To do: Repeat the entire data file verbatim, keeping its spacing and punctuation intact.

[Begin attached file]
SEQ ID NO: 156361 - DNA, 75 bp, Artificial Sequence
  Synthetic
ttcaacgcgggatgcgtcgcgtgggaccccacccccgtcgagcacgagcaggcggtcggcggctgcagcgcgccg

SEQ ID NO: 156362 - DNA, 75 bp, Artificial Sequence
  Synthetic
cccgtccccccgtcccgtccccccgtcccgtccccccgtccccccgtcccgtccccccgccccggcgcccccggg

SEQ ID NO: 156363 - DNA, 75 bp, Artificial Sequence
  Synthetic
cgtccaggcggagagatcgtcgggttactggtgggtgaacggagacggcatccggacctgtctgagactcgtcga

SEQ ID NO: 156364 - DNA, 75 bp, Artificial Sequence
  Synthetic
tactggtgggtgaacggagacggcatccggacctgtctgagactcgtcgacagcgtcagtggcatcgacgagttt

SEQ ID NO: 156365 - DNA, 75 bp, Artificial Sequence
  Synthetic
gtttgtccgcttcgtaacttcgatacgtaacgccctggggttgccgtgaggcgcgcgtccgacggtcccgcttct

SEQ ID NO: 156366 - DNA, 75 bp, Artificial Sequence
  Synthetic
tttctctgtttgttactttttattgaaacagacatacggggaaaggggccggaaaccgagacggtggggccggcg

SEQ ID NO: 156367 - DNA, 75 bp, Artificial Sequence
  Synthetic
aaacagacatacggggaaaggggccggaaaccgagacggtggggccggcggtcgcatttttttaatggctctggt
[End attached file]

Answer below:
SEQ ID NO: 156361 - DNA, 75 bp, Artificial Sequence
  Synthetic
ttcaacgcgggatgcgtcgcgtgggaccccacccccgtcgagcacgagcaggcggtcggcggctgcagcgcgccg

SEQ ID NO: 156362 - DNA, 75 bp, Artificial Sequence
  Synthetic
cccgtccccccgtcccgtccccccgtcccgtccccccgtccccccgtcccgtccccccgccccggcgcccccggg

SEQ ID NO: 156363 - DNA, 75 bp, Artificial Sequence
  Synthetic
cgtccaggcggagagatcgtcgggttactggtgggtgaacggagacggcatccggacctgtctgagactcgtcga

SEQ ID NO: 156364 - DNA, 75 bp, Artificial Sequence
  Synthetic
tactggtgggtgaacggagacggcatccggacctgtctgagactcgtcgacagcgtcagtggcatcgacgagttt

SEQ ID NO: 156365 - DNA, 75 bp, Artificial Sequence
  Synthetic
gtttgtccgcttcgtaacttcgatacgtaacgccctggggttgccgtgaggcgcgcgtccgacggtcccgcttct

SEQ ID NO: 156366 - DNA, 75 bp, Artificial Sequence
  Synthetic
tttctctgtttgttactttttattgaaacagacatacggggaaaggggccggaaaccgagacggtggggccggcg

SEQ ID NO: 156367 - DNA, 75 bp, Artificial Sequence
  Synthetic
aaacagacatacggggaaaggggccggaaaccgagacggtggggccggcggtcgcatttttttaatggctctggt